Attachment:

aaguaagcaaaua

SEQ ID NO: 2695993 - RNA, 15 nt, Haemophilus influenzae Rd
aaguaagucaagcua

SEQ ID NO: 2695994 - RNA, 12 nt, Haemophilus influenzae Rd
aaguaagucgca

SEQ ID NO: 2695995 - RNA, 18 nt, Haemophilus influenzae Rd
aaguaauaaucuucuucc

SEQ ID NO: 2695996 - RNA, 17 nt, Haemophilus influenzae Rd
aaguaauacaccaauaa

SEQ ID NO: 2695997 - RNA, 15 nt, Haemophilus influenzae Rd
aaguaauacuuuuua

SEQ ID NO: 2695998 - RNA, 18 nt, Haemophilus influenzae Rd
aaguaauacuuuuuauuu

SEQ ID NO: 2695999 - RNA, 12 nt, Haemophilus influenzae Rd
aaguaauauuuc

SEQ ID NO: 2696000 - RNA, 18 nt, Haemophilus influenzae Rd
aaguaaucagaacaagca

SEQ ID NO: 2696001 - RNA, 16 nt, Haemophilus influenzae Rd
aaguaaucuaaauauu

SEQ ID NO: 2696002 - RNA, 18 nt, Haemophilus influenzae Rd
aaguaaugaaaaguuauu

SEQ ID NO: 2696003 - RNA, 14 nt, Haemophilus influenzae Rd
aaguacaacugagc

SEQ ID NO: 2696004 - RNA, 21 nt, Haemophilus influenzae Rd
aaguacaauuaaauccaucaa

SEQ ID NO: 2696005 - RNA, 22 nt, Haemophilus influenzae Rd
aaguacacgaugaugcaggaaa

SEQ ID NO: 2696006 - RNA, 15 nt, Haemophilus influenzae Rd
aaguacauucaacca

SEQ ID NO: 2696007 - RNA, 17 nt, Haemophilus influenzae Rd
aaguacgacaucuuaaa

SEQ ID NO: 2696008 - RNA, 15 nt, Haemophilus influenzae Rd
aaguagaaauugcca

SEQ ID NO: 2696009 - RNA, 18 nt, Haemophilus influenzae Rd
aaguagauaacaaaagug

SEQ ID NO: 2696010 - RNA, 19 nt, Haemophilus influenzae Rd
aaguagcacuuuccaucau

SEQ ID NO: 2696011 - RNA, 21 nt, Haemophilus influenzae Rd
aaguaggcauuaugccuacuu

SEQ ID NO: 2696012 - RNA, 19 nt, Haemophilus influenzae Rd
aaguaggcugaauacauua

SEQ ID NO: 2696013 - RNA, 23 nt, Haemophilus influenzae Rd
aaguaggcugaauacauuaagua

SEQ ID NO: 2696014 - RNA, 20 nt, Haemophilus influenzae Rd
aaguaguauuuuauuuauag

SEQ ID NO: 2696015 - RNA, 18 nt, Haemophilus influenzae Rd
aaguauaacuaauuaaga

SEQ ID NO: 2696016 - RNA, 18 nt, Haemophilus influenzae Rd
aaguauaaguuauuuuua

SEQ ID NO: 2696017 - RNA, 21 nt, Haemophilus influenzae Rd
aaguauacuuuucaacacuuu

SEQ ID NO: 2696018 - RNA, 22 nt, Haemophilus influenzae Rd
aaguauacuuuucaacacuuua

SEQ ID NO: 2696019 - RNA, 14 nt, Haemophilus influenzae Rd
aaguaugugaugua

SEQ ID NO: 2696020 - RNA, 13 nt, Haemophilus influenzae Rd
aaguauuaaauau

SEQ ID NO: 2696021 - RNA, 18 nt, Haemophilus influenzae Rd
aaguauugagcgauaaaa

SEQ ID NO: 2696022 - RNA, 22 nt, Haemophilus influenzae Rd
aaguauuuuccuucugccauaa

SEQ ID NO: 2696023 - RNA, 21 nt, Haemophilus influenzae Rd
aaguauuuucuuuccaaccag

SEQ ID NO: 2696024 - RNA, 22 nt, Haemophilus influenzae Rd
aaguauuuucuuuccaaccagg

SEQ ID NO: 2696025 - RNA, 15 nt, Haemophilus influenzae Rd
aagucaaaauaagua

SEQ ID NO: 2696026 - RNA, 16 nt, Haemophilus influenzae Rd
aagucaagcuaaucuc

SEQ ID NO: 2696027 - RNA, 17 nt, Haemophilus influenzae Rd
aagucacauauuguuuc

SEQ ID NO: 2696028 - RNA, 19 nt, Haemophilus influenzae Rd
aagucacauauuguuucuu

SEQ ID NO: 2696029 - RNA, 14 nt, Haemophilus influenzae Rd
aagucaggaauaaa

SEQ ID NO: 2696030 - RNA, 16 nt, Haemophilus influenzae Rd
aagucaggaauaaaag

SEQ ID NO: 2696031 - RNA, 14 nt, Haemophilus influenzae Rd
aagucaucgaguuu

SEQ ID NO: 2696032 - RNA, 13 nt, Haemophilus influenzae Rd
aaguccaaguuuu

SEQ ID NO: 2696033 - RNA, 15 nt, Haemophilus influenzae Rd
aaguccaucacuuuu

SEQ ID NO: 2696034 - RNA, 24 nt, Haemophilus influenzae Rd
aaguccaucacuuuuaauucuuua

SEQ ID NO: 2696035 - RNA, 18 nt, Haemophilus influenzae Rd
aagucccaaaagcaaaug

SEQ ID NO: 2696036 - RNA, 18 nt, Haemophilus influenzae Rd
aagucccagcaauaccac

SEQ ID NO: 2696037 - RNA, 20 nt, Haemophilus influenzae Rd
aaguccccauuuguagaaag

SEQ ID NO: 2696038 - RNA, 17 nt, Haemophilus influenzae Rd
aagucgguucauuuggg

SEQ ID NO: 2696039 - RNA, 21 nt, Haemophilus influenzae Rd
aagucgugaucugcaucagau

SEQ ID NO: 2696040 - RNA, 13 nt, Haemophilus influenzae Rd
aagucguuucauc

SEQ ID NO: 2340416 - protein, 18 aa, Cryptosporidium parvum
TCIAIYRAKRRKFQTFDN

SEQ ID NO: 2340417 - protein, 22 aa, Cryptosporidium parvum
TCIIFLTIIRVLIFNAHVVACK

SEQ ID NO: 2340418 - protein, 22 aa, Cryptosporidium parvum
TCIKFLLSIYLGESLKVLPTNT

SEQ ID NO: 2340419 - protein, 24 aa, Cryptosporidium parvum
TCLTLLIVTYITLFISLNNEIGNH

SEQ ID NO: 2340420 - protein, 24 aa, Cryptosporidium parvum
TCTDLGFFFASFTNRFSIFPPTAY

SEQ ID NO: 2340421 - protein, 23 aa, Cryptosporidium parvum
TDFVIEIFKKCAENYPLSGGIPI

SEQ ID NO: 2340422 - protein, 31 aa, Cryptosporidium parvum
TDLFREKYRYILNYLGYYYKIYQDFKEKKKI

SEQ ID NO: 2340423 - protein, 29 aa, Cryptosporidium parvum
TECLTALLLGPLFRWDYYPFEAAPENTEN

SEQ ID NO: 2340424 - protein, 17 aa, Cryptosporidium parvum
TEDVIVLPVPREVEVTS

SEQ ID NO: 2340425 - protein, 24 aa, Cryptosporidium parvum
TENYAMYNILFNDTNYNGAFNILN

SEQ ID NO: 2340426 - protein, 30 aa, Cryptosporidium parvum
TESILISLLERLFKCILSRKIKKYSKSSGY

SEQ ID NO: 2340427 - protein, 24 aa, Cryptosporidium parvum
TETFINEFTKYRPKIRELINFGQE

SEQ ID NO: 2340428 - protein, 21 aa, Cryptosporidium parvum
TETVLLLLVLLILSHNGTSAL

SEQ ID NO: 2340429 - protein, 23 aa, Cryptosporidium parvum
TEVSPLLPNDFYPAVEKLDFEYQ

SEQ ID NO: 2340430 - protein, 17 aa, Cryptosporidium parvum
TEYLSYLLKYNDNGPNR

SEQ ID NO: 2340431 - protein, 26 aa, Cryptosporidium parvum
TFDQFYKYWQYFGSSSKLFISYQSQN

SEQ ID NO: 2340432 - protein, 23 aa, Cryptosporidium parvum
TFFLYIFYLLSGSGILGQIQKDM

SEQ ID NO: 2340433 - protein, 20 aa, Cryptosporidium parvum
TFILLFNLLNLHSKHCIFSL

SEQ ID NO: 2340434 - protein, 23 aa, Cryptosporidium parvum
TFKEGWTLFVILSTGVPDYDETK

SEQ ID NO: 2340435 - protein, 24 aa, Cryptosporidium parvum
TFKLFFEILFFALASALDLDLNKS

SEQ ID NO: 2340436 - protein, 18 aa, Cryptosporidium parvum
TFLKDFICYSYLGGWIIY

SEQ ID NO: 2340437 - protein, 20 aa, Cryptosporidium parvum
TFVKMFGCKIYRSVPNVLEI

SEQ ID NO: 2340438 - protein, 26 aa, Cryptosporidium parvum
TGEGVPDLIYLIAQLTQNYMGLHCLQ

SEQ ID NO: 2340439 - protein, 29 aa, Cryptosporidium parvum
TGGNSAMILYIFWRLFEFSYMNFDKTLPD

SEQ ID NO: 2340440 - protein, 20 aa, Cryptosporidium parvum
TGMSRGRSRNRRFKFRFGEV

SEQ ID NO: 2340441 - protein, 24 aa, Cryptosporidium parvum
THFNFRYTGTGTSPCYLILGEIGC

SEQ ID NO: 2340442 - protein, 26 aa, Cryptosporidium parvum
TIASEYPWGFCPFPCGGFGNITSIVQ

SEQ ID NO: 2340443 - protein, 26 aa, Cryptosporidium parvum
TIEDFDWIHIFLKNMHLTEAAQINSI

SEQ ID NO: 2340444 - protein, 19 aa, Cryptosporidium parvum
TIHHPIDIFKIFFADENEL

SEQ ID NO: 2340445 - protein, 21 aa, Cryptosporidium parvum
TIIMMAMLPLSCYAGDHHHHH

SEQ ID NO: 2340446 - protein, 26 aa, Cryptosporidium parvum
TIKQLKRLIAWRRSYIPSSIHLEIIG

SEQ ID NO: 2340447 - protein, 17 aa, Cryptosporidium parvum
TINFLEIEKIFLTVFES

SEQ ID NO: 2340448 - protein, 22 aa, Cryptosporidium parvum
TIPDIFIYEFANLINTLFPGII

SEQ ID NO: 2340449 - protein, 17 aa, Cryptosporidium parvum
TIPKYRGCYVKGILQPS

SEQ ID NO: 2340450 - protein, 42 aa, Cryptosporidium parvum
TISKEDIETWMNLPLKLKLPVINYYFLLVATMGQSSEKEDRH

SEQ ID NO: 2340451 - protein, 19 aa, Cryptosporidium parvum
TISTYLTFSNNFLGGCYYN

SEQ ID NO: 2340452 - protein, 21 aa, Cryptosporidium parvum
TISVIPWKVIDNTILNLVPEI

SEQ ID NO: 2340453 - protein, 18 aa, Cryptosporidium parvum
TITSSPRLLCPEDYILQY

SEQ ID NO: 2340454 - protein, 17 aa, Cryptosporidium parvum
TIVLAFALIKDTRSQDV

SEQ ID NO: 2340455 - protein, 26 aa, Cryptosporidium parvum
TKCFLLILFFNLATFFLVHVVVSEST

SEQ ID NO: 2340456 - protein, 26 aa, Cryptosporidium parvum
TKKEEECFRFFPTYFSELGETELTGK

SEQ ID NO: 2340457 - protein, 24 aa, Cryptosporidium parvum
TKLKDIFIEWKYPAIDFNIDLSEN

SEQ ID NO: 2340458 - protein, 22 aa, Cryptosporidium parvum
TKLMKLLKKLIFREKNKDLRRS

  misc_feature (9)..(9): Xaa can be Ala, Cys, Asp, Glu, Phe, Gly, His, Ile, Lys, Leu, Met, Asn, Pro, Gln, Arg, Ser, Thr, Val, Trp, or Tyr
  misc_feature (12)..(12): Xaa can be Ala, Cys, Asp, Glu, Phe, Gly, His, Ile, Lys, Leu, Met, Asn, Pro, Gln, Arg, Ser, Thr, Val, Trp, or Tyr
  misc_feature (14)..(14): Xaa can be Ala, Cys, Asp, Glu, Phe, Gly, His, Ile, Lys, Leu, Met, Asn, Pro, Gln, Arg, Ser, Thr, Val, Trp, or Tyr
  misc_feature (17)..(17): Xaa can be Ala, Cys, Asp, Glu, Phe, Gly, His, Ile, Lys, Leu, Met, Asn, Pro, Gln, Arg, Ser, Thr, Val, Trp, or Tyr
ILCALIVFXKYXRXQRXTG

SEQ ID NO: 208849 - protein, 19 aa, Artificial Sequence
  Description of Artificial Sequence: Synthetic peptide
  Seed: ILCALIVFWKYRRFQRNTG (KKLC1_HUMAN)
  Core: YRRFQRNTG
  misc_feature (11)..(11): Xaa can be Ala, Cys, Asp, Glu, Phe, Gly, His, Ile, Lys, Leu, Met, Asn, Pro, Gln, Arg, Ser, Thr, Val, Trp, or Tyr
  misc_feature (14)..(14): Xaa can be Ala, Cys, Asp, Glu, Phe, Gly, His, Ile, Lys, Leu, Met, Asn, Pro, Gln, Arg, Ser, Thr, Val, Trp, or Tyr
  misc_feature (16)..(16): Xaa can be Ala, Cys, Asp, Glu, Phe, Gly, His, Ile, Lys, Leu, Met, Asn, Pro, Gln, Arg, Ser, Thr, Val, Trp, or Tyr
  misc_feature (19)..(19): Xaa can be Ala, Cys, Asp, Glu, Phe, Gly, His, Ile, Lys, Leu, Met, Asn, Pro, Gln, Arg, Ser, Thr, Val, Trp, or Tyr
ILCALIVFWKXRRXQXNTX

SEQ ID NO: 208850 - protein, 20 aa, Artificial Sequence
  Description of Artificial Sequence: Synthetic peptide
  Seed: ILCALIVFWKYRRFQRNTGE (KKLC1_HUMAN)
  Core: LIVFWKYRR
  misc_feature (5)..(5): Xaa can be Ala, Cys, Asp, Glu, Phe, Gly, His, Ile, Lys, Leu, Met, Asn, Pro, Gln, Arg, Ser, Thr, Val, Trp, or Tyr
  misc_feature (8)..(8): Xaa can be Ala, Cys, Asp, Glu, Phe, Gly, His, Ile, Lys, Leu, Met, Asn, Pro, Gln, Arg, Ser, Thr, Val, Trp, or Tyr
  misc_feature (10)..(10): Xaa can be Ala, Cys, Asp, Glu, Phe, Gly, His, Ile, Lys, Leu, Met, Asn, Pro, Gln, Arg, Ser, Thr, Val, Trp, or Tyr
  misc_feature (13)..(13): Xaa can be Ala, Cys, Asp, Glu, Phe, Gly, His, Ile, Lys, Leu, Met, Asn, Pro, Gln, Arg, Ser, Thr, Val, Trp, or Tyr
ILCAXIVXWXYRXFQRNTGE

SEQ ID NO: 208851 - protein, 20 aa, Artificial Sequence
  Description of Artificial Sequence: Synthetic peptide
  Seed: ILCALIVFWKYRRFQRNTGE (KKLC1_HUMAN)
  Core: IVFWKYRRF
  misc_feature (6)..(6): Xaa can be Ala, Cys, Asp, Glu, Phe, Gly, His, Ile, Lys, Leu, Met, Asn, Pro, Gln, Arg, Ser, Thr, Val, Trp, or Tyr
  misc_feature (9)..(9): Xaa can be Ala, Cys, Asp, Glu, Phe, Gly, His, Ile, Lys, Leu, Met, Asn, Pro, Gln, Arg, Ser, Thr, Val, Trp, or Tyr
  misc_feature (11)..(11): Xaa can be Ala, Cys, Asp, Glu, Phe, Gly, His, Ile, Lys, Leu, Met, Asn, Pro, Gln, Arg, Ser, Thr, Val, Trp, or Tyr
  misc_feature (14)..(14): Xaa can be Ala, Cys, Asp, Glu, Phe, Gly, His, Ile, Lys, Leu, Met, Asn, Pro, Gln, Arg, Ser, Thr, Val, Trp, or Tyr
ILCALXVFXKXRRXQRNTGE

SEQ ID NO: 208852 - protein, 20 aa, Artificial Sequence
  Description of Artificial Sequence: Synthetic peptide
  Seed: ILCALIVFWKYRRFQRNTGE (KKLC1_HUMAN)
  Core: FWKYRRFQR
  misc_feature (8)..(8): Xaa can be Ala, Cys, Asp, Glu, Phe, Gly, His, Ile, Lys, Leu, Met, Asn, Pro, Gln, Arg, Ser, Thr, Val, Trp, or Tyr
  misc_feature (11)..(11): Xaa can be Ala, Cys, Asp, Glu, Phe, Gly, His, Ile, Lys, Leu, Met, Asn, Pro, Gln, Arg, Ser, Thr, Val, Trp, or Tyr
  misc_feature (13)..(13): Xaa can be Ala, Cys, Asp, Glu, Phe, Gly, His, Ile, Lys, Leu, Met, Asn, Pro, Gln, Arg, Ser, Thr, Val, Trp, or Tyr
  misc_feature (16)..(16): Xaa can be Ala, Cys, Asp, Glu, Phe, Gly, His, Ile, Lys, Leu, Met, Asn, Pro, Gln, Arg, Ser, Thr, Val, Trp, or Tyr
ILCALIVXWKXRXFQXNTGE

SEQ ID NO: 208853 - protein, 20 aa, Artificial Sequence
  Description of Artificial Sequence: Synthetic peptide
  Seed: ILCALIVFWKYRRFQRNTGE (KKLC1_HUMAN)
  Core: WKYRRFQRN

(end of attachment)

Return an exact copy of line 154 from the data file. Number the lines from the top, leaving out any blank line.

SEQ ID NO: 2340444 - protein, 19 aa, Cryptosporidium parvum